It has become clear in recent years from such major forums as the various international conferences on flexible manufacruring systems (FMSs) that the computer-controlled and -integrated "factory of the furure" is now being considered as a commercially viable and technically achievable goal. To date, most attention has been given to the design, development, and evalu- ation of flexible machining systems. Now, with the essential support of increasing numbers of industrial examples, the general concepts, technical requirements, and cost-effectiveness of responsive, computer-integrated, flexible machining systems are fast becoming established knowledge. There is, of course, much still to be done in the development of modular com- puter hardware and software, and the scope for cost-effective developments in pro- gramming systems, workpiece handling, and quality control will ensure that contin- uing development will occur over the next decade. However, international attention is now increasingly rurning toward the flexible computer control of the assembly process as the next logical step in progressive factory automation.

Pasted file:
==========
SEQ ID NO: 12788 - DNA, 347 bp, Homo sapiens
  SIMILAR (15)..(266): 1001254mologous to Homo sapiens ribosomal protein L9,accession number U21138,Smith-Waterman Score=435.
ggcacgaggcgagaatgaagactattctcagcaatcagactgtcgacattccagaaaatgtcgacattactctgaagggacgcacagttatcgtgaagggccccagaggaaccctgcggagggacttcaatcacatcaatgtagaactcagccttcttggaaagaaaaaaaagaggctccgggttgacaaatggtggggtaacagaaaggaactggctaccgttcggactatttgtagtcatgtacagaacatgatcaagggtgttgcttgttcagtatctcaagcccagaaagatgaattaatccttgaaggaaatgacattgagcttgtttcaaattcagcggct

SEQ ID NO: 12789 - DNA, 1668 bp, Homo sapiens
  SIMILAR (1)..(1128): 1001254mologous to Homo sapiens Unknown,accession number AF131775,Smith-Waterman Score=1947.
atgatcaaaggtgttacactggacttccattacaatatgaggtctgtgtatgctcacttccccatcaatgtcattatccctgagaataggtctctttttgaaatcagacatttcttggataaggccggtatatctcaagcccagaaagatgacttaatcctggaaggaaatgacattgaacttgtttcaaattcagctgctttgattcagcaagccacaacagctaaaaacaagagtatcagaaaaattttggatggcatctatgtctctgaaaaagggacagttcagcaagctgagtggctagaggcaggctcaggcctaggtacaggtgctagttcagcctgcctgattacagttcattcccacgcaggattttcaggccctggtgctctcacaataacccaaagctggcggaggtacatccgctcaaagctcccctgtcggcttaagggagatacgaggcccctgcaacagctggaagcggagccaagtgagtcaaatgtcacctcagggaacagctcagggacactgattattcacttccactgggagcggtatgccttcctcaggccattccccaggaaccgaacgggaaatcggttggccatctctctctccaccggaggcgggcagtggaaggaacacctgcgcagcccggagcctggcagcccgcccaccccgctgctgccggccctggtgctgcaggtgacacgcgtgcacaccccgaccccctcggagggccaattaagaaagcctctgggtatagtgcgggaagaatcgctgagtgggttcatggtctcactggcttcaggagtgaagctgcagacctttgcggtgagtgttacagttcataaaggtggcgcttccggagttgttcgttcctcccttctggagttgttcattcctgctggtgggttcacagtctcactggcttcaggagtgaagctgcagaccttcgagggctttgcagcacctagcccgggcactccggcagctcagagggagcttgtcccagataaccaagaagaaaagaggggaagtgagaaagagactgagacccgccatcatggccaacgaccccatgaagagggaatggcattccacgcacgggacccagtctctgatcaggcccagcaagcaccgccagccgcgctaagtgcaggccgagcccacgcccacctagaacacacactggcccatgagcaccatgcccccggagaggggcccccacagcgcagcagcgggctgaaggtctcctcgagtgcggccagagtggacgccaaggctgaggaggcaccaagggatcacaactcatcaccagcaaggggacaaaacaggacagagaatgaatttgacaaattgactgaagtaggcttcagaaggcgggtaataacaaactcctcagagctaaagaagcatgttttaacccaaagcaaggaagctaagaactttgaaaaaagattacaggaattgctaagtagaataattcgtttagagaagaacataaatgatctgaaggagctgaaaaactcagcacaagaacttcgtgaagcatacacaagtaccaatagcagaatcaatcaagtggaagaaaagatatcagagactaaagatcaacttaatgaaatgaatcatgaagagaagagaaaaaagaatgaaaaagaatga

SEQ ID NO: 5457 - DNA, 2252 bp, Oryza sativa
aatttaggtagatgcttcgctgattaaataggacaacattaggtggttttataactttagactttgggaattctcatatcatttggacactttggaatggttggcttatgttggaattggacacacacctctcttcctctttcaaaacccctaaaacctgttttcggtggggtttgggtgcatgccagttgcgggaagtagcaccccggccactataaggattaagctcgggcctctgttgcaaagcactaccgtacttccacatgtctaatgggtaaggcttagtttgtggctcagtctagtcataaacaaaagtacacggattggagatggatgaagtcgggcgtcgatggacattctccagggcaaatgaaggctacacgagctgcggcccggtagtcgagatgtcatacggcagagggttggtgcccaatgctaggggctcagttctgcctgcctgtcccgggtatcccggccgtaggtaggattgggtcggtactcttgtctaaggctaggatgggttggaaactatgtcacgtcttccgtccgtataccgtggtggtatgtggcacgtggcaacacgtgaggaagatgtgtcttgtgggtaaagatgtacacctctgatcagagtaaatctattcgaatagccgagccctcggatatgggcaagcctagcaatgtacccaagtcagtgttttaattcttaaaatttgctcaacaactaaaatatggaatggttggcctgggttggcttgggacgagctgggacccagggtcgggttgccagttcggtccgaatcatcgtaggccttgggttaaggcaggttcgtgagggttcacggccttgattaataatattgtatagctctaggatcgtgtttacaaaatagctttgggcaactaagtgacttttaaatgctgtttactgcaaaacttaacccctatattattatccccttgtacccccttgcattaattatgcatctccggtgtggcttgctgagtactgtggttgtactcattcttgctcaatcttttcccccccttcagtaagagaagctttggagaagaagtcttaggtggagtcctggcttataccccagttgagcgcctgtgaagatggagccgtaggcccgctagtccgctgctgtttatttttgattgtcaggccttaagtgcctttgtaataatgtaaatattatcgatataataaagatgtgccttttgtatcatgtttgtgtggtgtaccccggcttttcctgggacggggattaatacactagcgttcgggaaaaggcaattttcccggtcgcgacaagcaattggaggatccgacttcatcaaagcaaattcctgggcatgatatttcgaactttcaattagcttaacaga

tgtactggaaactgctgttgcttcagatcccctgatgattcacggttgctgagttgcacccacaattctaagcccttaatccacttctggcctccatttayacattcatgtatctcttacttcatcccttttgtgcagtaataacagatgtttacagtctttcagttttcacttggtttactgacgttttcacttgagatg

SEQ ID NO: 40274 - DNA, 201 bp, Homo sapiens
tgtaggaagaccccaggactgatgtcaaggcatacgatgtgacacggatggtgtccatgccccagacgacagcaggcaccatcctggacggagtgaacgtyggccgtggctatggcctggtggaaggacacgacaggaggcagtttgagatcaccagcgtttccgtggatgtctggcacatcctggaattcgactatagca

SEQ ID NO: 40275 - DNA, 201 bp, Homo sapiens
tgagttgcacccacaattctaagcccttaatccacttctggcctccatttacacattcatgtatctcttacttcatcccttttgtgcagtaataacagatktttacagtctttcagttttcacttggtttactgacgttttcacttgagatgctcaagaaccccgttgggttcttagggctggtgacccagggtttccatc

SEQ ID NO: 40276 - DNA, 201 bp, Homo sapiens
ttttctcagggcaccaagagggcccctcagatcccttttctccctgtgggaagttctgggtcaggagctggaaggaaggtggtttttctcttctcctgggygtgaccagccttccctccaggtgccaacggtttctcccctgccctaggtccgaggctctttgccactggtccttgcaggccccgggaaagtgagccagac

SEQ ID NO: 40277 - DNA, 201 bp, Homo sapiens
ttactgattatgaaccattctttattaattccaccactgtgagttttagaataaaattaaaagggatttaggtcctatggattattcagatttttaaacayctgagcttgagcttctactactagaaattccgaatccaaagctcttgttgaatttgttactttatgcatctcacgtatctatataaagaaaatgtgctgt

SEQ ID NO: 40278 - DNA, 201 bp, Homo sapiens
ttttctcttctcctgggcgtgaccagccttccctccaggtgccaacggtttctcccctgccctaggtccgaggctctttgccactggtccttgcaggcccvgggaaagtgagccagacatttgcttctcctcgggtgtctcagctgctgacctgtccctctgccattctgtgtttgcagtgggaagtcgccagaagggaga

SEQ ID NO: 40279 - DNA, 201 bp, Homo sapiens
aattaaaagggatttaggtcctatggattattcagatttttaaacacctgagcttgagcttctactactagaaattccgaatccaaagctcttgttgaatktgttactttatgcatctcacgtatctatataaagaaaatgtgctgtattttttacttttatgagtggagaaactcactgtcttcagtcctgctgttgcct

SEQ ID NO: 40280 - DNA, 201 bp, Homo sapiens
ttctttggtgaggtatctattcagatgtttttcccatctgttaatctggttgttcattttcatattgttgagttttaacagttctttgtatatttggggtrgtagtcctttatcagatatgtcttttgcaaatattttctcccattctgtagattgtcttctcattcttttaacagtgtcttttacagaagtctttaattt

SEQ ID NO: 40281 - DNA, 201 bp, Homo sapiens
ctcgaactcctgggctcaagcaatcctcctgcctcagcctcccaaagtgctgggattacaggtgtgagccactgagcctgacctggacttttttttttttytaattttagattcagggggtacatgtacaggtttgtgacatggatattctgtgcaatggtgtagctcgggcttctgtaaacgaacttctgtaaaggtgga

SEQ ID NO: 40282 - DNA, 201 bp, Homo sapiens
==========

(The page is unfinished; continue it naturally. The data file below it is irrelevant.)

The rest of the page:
It is here at this very early stage that Tony Owen has bravely set out to encompass the future field of flexible assembly systems (FASs) in his own distinctive, wide-ranging style.
1. Introduction.- 2. Specification of System.- 3. Material Control.- 4. Work Centers.- 5. Product.- 6. People.- 7. Robots.- 8. Machine Senses.- 9. Failure Analysis.- 10. Economics of FASs.- 11. FAS of the Future.- 12. Conclusion.- References.